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GMATs, LSATs and PSATs, Oh My! Major Exams Explained

Students writing exams
400 200 OnTheHub Team

If you’re thinking about going to college or continuing your education after your undergrad, you may have to take an exam to gain entry into a specific program. Taking the any exam can be stressful, but these exams are a lot simpler than you might’ve imagined. Here’s a breakdown of the major undergraduate and graduate admissions tests, why they’re important and what you can expect if you have to take one.

PSAT

What it is: The Preliminary SAT (PSAT) is taken by high school students to prepare for their SAT, the standardized test. Although it doesn’t count towards college admissions, it’s used to qualify for the National Merit Scholarship Program.

What it looks like: The PSAT is split into three sections: Math, Critical Reading and Writing Skills. The Math section draws on algebra, geometry and trigonometry. The Reading and Writing sections ask students to analyze and answer questions about passages that are sometimes accompanied by tables, graphs and charts.

Why you should care: The PSAT is taken mainly by junior and sophomore high school students as a precursor for the SAT and can be important when starting your college admission journey.

GRE

What it is: The Graduate Record Examination (GRE) is a standardized test given to potential graduate students across many disciplines.

What it looks like: The GRE can be taken as a specific Subject Test or a General Test which looks more widely for verbal reasoning, quantitative reasoning and analytical writing. The verbal reasoning and quantitative questions are mostly multiple choice, whereas the analytical writing section consists of two essays.

Why you should care: This is the most general graduate admission test and is taken by the largest number of students. Even if you aren’t planning to go into a specific occupational program, you could be facing this test if your department requires it.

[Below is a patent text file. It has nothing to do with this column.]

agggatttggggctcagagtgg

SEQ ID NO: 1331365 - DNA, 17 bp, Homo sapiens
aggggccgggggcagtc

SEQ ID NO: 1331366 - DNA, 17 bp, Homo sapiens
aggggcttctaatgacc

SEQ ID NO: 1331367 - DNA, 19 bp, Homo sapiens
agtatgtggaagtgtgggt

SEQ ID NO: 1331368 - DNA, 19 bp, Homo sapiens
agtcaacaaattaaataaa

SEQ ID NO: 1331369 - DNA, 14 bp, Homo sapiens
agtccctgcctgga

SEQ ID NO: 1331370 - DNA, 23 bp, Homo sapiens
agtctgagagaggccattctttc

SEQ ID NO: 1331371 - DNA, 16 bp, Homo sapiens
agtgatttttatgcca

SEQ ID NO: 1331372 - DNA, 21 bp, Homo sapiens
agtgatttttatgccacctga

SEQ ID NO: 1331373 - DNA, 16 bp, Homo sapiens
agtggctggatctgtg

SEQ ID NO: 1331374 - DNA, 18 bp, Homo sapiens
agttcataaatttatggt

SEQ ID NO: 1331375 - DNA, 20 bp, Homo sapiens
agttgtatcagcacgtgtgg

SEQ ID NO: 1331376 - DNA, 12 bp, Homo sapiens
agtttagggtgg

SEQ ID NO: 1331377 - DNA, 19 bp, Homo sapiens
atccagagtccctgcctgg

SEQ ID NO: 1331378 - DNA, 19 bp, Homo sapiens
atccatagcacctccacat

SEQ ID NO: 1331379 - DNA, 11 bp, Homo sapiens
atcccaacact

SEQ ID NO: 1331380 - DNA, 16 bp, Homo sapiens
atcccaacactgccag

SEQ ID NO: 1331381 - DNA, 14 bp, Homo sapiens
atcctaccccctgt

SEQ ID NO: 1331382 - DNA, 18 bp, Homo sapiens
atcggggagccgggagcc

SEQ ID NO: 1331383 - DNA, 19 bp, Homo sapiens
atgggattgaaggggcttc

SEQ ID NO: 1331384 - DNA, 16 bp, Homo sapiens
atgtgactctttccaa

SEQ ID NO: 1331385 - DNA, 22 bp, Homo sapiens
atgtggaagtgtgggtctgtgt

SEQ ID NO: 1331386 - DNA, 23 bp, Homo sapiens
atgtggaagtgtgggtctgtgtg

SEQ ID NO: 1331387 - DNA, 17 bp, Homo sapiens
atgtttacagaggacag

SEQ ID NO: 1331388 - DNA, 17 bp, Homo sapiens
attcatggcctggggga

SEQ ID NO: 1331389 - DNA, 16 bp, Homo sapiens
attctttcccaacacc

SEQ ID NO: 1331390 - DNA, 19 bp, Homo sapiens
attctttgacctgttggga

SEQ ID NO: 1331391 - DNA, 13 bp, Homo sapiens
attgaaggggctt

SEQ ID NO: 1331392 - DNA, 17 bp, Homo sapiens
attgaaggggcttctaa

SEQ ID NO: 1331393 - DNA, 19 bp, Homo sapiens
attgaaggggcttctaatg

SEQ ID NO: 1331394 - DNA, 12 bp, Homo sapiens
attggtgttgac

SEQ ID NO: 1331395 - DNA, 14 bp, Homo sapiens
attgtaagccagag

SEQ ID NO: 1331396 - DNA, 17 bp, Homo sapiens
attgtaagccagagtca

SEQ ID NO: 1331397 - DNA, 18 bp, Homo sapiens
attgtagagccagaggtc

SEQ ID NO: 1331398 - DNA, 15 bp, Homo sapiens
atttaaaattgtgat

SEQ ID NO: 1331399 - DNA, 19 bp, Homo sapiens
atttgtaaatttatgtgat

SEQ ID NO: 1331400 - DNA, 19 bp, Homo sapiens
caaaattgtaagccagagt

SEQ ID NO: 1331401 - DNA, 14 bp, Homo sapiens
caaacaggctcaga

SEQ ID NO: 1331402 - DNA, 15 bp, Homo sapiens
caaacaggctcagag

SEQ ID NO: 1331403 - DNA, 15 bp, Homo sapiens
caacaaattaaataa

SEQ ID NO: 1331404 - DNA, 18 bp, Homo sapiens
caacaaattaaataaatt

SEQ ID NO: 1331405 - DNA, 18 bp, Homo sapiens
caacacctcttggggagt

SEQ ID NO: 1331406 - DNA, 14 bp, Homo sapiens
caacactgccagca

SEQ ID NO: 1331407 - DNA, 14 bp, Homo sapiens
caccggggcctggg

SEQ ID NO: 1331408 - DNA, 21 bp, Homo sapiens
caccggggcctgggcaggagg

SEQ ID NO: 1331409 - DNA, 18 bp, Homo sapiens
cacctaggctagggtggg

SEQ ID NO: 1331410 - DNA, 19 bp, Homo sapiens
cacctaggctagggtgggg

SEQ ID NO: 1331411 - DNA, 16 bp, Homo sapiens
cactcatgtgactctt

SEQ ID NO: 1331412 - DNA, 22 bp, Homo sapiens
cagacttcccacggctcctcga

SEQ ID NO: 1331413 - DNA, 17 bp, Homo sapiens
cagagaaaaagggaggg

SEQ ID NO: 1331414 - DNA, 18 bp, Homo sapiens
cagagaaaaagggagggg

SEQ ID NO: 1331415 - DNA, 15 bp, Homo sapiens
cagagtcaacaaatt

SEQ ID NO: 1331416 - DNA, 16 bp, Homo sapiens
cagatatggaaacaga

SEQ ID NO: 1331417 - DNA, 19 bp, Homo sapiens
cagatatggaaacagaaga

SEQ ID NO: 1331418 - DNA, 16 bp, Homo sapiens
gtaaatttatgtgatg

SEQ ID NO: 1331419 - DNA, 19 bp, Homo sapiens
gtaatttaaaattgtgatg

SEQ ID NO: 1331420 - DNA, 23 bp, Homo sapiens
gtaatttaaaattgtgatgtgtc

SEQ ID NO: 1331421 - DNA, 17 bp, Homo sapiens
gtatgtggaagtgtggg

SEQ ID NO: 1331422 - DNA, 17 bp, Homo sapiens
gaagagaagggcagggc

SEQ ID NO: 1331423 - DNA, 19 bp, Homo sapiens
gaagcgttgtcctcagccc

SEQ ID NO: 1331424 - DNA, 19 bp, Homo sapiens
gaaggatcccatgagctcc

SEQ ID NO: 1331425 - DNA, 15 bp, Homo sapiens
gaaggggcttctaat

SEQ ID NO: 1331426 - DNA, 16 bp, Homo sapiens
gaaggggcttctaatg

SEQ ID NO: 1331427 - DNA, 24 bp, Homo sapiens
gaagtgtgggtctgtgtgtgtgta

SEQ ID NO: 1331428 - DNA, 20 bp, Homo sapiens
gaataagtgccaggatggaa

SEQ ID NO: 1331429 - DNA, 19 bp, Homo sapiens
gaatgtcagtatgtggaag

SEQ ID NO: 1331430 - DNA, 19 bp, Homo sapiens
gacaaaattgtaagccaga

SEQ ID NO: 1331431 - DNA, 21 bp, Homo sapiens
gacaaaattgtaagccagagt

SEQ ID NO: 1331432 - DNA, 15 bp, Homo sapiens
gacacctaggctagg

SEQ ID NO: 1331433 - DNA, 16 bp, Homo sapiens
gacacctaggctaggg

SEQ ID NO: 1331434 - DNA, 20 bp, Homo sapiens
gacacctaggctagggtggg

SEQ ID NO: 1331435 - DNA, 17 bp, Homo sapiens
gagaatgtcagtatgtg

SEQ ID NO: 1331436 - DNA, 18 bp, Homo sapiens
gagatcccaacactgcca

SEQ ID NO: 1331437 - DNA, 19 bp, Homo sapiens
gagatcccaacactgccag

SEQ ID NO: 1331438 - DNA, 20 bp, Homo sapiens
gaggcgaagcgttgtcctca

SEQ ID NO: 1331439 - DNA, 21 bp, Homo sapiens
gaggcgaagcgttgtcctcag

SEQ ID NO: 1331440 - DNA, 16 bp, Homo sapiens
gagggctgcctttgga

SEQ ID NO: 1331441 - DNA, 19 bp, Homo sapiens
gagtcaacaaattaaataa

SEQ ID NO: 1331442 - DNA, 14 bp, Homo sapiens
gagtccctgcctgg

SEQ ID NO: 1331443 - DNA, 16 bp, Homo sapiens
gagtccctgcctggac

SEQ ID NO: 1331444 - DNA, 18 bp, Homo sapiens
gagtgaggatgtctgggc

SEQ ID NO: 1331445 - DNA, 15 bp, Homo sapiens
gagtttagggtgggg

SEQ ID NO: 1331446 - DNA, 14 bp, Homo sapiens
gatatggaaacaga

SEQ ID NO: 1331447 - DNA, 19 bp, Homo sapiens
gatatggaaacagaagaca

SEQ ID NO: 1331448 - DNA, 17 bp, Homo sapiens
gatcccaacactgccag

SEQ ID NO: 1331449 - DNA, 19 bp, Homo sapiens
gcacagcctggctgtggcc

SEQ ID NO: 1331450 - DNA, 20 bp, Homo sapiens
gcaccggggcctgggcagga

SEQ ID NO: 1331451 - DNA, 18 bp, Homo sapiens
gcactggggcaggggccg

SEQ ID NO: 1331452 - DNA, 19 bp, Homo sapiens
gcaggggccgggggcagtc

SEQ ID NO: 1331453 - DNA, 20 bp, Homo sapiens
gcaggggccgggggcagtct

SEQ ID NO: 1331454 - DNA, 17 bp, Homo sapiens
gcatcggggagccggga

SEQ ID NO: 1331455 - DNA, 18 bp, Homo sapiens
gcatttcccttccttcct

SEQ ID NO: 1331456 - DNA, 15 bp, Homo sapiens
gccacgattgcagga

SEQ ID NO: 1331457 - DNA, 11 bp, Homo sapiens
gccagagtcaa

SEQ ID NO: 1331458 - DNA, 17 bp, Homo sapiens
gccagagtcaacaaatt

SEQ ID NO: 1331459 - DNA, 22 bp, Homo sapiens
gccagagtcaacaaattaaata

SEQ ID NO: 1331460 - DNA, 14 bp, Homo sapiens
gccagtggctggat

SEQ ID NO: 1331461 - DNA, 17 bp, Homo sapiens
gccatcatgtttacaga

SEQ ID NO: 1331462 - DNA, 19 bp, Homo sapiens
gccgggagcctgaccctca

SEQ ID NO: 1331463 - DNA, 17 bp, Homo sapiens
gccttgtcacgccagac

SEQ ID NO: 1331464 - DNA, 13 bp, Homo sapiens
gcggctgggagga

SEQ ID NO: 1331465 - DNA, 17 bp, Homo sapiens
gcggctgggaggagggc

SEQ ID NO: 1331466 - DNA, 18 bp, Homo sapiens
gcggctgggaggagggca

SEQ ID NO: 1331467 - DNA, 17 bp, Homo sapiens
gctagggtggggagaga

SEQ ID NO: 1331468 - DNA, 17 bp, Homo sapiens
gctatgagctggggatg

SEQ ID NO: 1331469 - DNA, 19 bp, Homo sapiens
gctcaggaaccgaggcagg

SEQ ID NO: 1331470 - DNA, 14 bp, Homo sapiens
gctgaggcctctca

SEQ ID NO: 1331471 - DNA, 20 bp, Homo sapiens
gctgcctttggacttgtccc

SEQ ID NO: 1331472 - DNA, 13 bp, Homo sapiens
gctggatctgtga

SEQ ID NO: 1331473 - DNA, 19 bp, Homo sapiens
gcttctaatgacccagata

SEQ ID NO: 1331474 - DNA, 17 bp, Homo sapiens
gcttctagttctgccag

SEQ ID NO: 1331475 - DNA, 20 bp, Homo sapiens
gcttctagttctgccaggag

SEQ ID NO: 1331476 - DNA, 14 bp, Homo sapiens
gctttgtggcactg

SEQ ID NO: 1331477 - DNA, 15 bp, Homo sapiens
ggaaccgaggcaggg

GMAT

What it is: The Graduate Management Admissions Test (GMAT) is used to assess your suitability for business school. It assesses your verbal, mathematical and analytical skills.

What it looks like: The GMAT is three-and-a-half-hours long and features questions that fall under three categories: analytical writing, which requires you to write an essay in 30 minutes; quantitative reasoning, which includes multiple choice questions that test your ability to problem solve and wade through data; and verbal reasoning, which includes multiple choice questions that evaluate your ability to understand and correct written material.

Why you should care: If you’re looking to go into business school, you’ll likely come across this test. The GMAT is used by graduate business schools to assess critical thinking and problem solving skills in candidates.

LSAT

What it is: The Law School Admission Test (LSAT) measures skills of candidates that are considered useful for law school, such as reading comprehension and argument evaluation.

What it looks like: Lasting just under three hours, the LSAT is delivered in five sections of multiple choice questions. Topics include reading comprehension, analytical reasoning and logical reasoning. Questions test how you interpret difficult texts and evaluate arguments.

Why you should care: This is the test that Elle Woods had to get a 170 on to go to Harvard, and if you have lawyerly ambitions, you’ll have to take it, too. The LSAT is required by law schools in both the U.S. and Canada.

MCAT

What it is: The Medical College Admission Test (MCAT) is used by medical programs to test applicants’ problem solving, critical thinking and understanding of natural, behavioral and social science concepts and principles.

What it looks like: The MCAT is a standardized, multiple choice exam that reports scores in four sections: biological and biochemical foundations of living systems; chemical and physical foundations of biological systems; psychological, social and biological foundations of behavior; and critical analysis and reasoning skills.

Why you should care: Pretty much all U.S. medical schools and many Canadian ones require MCAT exam scores. If you want to realize your parents’ dream of you becoming a doctor, you’re going to have to take it on.

There are tons of resources out there to help you prepare for standardized graduate admissions exams, including online guides and prep courses. Once you’re done with the exam, you’re only a transcript, admissions essay and a couple of references away from completing your application and embarking on the next leg of your educational journey. Good luck!

Photos: wavebreakmedia / Shutterstock, Volt Collection / Shutterstock, Skitterphoto, Stuart Jenner / Shutterstock, Joe Gratz, DarkoStrojanovic

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